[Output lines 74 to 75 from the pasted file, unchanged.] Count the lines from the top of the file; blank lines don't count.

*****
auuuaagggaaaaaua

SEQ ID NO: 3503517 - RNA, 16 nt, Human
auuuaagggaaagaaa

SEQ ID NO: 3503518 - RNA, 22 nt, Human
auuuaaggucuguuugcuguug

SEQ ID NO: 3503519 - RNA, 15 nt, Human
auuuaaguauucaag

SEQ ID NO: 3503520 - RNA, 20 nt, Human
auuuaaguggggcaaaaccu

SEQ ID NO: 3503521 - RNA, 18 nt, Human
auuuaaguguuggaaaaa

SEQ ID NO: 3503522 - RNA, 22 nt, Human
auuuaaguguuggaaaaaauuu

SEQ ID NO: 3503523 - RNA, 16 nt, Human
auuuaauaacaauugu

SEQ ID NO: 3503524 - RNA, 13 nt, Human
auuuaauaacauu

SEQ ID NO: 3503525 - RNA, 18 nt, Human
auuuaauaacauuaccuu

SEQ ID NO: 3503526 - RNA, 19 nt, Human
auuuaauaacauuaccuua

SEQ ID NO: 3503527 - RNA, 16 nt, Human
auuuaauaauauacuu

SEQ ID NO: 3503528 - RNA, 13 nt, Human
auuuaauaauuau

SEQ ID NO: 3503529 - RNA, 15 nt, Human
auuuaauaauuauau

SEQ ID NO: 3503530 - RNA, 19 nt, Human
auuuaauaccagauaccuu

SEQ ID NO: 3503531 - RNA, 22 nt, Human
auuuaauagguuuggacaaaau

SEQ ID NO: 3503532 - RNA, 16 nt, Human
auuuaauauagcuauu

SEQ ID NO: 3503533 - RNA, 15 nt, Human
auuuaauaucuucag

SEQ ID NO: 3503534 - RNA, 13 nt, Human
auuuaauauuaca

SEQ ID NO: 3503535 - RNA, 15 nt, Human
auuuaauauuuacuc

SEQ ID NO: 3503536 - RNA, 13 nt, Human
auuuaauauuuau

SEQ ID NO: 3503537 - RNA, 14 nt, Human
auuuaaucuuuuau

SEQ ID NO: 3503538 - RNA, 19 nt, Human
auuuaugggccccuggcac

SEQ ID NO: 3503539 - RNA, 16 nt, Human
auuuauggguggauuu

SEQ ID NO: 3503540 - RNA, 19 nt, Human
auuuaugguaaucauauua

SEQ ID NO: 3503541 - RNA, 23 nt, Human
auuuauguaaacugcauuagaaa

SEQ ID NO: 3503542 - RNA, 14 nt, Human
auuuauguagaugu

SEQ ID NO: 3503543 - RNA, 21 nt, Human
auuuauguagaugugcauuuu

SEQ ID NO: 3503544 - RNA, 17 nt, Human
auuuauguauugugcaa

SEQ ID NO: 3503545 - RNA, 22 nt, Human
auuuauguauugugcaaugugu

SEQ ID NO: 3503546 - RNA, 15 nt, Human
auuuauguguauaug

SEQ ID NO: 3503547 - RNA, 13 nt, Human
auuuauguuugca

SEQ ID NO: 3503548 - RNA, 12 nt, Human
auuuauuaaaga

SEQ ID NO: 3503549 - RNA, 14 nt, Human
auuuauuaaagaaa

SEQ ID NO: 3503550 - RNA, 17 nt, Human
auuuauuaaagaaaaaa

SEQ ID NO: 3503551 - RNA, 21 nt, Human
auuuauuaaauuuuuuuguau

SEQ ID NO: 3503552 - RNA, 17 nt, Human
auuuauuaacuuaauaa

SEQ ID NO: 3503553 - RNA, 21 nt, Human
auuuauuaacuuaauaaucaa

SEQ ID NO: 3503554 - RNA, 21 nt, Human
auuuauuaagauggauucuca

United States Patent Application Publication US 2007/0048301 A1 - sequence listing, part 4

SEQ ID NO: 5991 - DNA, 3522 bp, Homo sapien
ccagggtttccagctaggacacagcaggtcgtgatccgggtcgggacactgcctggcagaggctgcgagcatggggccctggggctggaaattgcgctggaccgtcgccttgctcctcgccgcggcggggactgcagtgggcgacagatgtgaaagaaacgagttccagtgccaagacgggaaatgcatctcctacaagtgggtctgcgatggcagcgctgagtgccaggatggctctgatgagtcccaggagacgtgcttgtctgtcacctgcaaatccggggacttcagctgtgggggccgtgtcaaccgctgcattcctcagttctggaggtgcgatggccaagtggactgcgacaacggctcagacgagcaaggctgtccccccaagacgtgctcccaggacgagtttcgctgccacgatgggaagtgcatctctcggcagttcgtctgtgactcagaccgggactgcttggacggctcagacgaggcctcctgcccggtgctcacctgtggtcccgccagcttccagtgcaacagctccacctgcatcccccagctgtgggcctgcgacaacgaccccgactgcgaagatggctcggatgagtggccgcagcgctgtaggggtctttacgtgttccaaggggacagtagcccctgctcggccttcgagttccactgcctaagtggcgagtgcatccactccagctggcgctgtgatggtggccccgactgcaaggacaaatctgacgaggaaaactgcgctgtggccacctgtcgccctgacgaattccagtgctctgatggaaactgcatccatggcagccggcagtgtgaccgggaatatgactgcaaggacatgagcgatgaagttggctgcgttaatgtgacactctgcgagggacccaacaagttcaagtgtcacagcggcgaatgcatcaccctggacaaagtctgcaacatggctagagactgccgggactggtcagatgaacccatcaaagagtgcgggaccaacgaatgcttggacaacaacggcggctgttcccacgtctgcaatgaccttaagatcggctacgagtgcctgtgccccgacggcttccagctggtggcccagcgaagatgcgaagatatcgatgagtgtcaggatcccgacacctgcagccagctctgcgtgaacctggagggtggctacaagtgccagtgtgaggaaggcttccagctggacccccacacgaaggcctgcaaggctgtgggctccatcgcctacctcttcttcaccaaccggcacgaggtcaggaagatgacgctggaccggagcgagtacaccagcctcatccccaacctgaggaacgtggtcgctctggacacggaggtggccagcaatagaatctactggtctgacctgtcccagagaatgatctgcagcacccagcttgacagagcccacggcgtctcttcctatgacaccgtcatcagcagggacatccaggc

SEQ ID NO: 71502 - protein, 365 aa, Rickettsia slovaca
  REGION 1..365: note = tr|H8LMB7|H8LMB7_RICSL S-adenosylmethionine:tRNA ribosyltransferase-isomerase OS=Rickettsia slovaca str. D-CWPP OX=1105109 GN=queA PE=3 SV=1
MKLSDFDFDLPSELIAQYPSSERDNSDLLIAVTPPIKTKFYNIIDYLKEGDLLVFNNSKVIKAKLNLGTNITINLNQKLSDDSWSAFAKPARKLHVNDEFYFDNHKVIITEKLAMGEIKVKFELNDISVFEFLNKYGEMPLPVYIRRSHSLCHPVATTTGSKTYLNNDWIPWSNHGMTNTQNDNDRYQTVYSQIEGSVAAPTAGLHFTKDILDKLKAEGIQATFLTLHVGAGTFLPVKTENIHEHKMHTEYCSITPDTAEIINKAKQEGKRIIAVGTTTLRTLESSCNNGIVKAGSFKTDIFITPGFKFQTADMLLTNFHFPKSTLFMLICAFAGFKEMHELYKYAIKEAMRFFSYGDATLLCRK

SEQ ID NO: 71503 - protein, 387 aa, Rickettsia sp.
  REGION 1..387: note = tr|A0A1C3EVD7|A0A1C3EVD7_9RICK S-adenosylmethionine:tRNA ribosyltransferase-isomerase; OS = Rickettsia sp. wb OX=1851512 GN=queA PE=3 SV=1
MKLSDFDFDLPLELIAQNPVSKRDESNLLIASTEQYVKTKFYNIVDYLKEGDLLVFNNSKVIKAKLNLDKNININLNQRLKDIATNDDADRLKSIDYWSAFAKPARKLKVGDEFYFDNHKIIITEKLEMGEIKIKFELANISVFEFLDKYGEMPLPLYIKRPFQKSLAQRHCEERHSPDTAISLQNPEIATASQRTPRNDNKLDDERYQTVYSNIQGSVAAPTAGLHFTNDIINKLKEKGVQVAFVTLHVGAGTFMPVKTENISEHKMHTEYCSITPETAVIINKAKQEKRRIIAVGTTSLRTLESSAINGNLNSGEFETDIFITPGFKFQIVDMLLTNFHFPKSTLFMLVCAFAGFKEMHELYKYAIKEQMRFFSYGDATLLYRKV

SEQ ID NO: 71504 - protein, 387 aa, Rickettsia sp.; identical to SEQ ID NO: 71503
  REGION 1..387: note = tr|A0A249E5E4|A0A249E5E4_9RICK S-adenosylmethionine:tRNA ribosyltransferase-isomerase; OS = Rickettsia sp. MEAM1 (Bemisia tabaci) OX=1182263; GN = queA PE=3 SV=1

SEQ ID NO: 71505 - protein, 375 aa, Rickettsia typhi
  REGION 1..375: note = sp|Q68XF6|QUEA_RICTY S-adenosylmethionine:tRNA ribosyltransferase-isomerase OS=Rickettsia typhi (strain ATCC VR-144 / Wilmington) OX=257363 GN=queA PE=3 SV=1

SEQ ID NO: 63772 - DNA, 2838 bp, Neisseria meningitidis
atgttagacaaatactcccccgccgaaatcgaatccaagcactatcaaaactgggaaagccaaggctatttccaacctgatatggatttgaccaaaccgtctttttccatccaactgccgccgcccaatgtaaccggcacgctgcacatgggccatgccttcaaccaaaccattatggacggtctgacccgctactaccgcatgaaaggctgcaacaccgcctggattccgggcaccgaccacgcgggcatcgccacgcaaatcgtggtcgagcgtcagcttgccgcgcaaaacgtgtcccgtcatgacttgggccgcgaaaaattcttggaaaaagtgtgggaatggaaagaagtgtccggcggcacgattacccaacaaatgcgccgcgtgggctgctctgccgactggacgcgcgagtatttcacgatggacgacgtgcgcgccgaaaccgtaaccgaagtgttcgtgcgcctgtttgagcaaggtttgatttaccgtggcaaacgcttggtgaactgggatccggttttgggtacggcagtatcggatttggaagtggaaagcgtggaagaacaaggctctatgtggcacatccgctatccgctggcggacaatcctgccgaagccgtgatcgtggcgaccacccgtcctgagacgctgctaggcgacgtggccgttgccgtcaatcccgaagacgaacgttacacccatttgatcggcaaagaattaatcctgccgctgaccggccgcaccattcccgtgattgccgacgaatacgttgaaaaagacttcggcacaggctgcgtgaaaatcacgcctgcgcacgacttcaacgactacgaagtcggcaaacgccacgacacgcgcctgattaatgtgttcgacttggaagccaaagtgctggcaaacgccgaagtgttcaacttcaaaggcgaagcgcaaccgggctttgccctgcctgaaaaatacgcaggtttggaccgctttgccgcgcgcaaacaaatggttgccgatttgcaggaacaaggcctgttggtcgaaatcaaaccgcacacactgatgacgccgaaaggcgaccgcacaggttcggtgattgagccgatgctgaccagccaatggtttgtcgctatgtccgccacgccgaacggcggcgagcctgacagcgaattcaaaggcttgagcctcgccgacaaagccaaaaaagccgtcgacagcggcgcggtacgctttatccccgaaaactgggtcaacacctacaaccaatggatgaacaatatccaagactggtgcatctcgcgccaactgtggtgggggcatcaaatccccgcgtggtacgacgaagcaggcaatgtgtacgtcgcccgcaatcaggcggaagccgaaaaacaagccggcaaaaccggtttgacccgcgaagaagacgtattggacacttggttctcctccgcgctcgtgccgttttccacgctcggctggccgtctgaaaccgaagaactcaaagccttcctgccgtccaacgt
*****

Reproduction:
SEQ ID NO: 3503553 - RNA, 21 nt, Human
auuuauuaacuuaauaaucaa